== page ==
Unity can do inheritance of game objects by using prefab variants. A prefab variant inherits all the components and sub-objects from its original. When you change the original, then all the variants get changed too. But you can add additional components and sub-objects to the variants and you can override individual properties from the parent by changing them in the variant.
That means you can create on generic "Enemy" prefab which has everything all enemies have in common, and then create multiple variant prefabs inheriting from it which represent more specialized enemies. When you now do a change to the generic enemy, then that change gets automatically applied to all the enemies (unless that enemy overrides that specific property).
When you have spawners which are supposed to spawn enemies randomly, then you can give it a
public GameObject enemyPrefabs (or
[SerializeField] private GameObject enemyPrefabs if you want to be thorough). You can then maintain the palette of enemies in the editor. At runtime, the spawner would then pick from that palette of prefabs.
You might perhaps want some enemies to spawn more frequently than others. You can do that with multiple spawners with different settings. For example, when you want more zombies than skeletons, you can have one spawner which spawns skeletons and zombies, and another which spawns only zombies. Or you can do that using the techniques from the question "How do I create a weighted collection and then pick a random element from it?".
On the script side, Unity's software architecture is based on the principle of Composition over Inheritance. Which means that instead of having one abstract base class "Enemy" with other more specialized inheriting classes, you usually have multiple classes which each implement one mechanic and which can be mixed and matched to create new enemies with very little effort.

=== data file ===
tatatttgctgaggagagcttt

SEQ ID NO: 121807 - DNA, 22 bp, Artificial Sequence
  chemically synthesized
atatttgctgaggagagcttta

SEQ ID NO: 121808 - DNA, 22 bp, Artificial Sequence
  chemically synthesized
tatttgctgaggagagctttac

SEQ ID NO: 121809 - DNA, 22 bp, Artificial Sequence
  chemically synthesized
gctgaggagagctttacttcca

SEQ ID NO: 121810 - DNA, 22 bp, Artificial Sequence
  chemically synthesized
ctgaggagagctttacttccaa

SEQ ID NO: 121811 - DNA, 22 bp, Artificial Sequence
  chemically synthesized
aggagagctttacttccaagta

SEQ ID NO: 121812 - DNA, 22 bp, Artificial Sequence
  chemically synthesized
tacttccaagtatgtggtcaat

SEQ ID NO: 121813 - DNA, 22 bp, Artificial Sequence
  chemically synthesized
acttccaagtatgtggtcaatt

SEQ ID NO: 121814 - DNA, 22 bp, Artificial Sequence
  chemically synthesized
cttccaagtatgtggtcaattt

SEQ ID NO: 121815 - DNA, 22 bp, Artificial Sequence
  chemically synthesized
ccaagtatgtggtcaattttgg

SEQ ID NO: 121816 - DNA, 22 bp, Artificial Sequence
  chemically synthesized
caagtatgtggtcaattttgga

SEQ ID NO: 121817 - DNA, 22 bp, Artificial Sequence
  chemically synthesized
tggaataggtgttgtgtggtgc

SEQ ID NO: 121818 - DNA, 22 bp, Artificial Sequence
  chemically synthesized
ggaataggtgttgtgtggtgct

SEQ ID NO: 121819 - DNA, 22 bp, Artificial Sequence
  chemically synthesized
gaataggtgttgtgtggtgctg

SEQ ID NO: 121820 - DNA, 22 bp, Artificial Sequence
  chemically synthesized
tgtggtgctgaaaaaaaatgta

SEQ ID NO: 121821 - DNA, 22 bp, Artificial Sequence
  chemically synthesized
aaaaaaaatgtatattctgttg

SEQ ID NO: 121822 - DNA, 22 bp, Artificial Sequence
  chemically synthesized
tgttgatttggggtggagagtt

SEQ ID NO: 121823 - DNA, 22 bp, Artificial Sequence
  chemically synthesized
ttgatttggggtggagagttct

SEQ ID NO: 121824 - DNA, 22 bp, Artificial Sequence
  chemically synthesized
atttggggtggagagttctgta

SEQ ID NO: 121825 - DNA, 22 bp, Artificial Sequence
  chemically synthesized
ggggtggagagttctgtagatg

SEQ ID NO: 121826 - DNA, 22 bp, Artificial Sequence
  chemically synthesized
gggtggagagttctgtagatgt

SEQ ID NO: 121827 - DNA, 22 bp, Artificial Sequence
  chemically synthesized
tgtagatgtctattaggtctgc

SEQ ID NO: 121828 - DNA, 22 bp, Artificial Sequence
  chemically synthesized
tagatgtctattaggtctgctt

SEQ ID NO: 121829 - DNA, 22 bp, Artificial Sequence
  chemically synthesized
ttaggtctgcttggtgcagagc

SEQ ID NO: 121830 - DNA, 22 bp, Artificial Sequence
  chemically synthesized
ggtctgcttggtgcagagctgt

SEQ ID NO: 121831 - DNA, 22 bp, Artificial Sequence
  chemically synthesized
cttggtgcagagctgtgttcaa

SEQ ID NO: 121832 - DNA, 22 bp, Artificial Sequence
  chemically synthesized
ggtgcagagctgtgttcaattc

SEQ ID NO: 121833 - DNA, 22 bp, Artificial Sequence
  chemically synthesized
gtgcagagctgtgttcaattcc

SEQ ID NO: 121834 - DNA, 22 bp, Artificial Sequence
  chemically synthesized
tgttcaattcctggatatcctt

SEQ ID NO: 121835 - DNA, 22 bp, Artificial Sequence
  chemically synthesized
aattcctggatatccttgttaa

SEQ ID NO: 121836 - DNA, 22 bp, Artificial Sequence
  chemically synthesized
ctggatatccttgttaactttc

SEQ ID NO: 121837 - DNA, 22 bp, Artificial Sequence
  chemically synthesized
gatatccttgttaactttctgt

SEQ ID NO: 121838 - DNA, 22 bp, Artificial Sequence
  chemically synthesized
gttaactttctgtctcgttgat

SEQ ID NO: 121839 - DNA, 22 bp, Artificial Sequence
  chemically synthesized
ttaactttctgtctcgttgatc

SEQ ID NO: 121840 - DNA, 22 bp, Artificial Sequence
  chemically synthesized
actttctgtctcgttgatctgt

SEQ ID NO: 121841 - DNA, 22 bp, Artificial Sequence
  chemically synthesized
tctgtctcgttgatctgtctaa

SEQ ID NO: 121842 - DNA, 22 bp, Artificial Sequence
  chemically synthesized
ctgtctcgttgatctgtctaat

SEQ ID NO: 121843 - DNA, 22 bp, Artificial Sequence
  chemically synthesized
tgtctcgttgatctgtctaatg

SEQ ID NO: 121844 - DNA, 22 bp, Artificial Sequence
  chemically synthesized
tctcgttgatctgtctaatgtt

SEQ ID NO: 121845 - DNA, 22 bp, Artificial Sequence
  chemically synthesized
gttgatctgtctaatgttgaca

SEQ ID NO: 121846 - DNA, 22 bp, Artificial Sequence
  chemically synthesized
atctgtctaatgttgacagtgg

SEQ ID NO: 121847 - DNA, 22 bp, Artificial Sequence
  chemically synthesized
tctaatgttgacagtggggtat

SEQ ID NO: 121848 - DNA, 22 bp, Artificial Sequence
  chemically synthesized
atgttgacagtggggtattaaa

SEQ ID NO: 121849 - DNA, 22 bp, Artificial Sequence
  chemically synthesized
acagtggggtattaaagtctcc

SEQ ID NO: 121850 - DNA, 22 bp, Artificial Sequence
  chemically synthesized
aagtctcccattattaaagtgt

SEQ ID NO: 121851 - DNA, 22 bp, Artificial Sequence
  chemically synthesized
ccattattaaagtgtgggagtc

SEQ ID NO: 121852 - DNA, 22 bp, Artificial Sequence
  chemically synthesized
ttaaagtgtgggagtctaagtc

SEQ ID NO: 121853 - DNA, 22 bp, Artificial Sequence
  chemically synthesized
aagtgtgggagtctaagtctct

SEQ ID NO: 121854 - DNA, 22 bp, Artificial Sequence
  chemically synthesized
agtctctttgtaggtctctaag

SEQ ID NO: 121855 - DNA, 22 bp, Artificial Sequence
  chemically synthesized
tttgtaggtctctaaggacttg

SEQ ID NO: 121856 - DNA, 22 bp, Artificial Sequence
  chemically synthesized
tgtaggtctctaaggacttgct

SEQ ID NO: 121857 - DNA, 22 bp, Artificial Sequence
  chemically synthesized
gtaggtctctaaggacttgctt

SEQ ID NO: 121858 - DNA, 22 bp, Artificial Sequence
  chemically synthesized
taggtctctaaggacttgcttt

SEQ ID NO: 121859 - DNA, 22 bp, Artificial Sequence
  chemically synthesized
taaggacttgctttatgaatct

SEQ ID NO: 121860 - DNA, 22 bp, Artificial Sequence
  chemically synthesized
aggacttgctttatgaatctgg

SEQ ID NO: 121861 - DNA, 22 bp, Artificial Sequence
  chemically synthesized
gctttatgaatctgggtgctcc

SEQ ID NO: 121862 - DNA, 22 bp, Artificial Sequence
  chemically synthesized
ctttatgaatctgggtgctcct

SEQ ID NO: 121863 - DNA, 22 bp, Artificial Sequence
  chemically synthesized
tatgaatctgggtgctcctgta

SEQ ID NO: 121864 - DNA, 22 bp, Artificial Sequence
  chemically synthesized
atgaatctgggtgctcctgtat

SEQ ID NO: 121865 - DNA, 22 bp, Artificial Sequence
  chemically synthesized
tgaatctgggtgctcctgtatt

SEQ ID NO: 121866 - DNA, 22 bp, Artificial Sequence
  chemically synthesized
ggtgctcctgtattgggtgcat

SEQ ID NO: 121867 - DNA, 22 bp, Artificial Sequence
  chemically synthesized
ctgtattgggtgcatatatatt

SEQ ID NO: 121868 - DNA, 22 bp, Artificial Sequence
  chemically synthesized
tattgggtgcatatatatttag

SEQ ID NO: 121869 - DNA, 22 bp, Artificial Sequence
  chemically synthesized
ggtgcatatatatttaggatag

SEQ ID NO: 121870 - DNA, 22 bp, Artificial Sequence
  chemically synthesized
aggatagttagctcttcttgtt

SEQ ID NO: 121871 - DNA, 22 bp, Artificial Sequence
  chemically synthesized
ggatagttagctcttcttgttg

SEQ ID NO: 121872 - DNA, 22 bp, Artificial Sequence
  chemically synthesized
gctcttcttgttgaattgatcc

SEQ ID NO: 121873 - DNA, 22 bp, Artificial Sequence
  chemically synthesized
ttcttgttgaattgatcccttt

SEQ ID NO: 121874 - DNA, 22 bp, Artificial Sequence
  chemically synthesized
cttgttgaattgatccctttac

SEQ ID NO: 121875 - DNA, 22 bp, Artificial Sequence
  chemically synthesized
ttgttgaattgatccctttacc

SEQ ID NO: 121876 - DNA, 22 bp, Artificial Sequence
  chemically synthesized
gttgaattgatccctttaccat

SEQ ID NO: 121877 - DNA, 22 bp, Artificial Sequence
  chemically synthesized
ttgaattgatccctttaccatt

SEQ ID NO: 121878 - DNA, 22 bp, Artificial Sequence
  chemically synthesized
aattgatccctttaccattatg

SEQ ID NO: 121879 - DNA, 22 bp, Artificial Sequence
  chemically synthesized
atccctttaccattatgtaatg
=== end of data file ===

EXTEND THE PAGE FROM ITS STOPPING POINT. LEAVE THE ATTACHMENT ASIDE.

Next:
For example, when you have enemies which move, enemies which attack and enemies which do both, then you create two MonoBehaviours "Attacker" and "Mover". Each enemy might have the first, the second or both behaviours. Enemy-specific details (How fast does it move? How strong does it hit?) can then be configured via serialized fields on those behaviours.
If you want to add some unique enemy-specific programming to control where these enemies moves and when they attack, then you can add a separate controller script to each prefab which makes high-level decisions, but references the "Attacker" and "Mover" components on the same game object (via
GetComponent<T>()) and delegates the low level execution of those decisions to them by calling public methods.
One great advantage of this architecture is that it allows you to experiment in the editor. You can add and remove components and experiment with values without having to switch back to the IDE. For example, you can see how enemy A works if you give it the controller script of enemy B. Or if it is still challenging if you take away its Mover component, turning it into a stationary enemy. You can in many cases even perform such experiments while the game is running in the editor.